$55 Million Dollar Data Breach at Choicepoint

1077 Words Jun 17th, 2015 5 Pages
$55 Million Dollar Data Breach at ChoicePoint

Abstract
Personal data breaches have become epidemic in the U.S. where innocent citizens sensitive information is being left unprotected and subsequently disseminated between hackers. ChoicePoint is an organization that is a premier data broker and credentialing service in the industry. The company was guilty of failing to fulfil their own policy of thoroughly evaluating prospective customer organizations which resulted in a major breach. The source of this failure will be evaluated as well as possible solutions. The punishment and repercussions will be evaluated for appropriateness and the reactions of the organization will be scrutinized for potential effectiveness.

The root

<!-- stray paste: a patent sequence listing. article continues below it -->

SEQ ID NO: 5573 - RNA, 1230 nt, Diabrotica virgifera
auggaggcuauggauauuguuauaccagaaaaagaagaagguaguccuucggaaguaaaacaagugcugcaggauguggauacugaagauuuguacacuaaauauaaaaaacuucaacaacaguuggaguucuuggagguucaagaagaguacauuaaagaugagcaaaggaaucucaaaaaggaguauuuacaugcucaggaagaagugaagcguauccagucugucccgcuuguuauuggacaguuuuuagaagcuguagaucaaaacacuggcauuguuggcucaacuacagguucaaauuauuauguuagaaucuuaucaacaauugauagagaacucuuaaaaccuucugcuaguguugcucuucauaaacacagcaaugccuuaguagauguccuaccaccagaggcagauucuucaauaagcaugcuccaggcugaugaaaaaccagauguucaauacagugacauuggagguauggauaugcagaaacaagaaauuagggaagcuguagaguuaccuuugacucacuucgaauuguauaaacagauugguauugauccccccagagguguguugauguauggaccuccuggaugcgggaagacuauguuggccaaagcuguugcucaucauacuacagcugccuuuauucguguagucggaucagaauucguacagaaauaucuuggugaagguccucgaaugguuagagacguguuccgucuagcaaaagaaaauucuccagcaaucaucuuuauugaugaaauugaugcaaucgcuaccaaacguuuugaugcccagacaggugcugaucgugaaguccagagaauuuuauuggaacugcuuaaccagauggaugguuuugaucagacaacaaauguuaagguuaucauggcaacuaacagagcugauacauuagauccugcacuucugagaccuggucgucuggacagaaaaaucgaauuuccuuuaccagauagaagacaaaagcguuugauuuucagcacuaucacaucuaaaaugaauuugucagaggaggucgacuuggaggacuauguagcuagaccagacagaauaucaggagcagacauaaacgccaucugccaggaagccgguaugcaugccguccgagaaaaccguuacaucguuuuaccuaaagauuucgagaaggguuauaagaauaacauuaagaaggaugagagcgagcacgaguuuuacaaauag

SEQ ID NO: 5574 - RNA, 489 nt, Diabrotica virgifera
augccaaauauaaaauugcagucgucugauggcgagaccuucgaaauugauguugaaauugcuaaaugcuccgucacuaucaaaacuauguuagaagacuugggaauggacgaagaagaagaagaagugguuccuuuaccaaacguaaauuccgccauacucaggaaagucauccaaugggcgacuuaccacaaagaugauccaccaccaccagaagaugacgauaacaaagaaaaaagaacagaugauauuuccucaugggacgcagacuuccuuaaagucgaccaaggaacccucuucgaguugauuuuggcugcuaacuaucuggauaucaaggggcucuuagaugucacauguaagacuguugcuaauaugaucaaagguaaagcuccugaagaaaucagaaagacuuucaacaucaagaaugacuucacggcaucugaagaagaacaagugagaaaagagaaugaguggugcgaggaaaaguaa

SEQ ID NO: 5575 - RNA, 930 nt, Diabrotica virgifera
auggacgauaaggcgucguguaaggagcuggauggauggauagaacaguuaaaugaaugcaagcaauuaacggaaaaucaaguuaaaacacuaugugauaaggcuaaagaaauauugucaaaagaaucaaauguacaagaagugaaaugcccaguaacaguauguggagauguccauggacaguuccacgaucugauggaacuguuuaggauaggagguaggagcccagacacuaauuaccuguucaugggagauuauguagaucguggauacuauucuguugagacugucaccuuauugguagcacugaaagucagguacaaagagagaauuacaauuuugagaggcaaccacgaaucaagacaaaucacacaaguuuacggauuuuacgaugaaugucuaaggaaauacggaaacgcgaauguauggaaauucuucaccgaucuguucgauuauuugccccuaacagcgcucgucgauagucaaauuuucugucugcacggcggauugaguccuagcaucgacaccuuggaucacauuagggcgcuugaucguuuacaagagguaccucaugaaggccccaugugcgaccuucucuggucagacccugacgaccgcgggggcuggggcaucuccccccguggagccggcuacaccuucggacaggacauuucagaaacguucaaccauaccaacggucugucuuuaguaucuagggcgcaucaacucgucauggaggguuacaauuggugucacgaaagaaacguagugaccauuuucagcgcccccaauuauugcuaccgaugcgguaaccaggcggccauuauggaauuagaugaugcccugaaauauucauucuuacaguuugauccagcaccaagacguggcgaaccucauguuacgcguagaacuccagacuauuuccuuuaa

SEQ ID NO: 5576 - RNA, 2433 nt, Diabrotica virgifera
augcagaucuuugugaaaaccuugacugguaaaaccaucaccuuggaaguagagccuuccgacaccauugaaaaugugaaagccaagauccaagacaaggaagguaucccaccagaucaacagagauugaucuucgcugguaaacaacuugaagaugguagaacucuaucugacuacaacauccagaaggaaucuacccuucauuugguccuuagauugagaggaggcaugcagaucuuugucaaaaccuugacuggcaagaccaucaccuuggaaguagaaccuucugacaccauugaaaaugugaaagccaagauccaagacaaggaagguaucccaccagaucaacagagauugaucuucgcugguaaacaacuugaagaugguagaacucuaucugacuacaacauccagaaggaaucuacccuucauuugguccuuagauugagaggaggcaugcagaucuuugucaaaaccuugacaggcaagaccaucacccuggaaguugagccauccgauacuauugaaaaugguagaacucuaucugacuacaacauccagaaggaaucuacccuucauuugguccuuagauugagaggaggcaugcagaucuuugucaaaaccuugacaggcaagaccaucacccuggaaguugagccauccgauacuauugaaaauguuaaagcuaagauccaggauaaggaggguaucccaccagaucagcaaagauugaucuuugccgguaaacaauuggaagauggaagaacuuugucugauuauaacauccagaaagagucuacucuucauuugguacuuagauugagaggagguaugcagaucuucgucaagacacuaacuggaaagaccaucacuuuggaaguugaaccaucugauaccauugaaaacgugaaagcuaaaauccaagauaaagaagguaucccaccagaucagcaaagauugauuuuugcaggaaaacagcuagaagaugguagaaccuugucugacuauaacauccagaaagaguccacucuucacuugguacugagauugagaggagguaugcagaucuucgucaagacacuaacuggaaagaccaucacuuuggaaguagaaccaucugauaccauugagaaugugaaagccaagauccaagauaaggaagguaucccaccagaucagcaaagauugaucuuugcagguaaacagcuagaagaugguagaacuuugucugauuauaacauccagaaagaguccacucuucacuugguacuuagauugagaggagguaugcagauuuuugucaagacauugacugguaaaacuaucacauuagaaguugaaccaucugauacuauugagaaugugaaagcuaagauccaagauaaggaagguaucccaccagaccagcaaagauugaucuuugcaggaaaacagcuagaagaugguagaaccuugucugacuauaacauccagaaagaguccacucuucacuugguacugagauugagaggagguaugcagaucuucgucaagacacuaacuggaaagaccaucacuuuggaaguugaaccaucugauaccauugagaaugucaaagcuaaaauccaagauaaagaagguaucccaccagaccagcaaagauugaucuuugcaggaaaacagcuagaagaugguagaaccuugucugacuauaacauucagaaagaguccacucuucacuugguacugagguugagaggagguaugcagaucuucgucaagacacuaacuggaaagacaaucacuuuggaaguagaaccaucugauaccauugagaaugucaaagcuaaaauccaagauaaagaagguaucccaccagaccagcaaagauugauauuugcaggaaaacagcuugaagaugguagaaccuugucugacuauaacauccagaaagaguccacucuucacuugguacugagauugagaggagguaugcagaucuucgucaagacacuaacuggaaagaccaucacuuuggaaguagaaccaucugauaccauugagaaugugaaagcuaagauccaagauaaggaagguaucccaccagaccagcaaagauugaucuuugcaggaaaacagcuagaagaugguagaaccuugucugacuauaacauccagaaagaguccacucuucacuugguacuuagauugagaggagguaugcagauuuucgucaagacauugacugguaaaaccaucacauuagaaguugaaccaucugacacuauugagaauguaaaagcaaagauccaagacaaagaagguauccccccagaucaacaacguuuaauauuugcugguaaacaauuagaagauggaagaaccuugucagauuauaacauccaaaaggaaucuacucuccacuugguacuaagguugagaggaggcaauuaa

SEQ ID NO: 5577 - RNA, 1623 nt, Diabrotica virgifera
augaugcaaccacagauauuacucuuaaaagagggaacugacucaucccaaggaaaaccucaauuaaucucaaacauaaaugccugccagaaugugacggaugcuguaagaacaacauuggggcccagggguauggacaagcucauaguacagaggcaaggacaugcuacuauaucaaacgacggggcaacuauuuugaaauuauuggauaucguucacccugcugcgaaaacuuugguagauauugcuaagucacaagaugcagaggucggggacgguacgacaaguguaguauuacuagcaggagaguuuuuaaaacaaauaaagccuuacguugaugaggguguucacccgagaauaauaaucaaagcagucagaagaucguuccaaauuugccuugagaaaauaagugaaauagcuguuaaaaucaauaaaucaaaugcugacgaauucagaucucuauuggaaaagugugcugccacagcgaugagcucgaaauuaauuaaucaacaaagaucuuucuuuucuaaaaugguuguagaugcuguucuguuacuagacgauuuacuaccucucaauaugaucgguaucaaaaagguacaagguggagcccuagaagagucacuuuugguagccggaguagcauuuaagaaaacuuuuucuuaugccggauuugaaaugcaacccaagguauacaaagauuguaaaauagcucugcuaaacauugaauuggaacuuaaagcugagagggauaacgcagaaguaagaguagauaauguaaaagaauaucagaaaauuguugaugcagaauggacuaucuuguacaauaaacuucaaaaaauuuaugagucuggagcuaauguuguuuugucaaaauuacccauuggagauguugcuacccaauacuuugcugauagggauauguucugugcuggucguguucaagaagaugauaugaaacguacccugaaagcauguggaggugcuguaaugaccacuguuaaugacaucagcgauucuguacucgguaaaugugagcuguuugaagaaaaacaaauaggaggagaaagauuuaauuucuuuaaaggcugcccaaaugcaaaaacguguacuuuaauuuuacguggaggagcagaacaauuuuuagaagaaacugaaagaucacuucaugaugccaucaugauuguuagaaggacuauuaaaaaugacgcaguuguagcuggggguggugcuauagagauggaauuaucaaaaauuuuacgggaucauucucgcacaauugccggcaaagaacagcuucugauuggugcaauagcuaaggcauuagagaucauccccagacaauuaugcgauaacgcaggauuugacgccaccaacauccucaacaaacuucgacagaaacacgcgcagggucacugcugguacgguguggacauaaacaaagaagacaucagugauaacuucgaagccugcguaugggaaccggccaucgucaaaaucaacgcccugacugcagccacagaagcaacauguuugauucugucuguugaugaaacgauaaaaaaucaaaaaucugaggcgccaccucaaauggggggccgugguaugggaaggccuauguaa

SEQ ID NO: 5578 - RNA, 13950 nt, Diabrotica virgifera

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In terms of data handling services ChoicePoint could have utilized many tactics to minimize the possibility and the damage of a data breach. Some examples include: discarding un-needed personal data, shredding paper/destroying hard disks that contain sensitive material, implanting dummy data to help detect a breach, limiting access to pre-selected personnel, auditing employee access and behaviors, disallowing transport of data off-site, monitoring and reviewing data sharing with customers/ partners/suppliers, and of course the thorough background checks. Many of these measures aside from strengthening the protection against compromise would also deter hackers. The most likely company to be targeted is the company that appears to have the least protection (Phua, 2009). The fines incurred by ChoicePoint as a result of their failure to adequately secure the data they sold amassed more than $55 million. To better measure the significance of these fines and the other costs associated with the breach it is helpful to consider the acquisition of the company by Reed Elsevier following the breach in 2008. “The cash transaction was valued at $3.6 billion (pp. 679, Culnan, & Williams, 2009).” This illustrates that the costs may have been far less harmful than many would anticipate. The fact remains that the costs were an exorbitant amount and companies cannot possibly prepare for that significant of a loss. This inability to prepare or tolerate such a significant a

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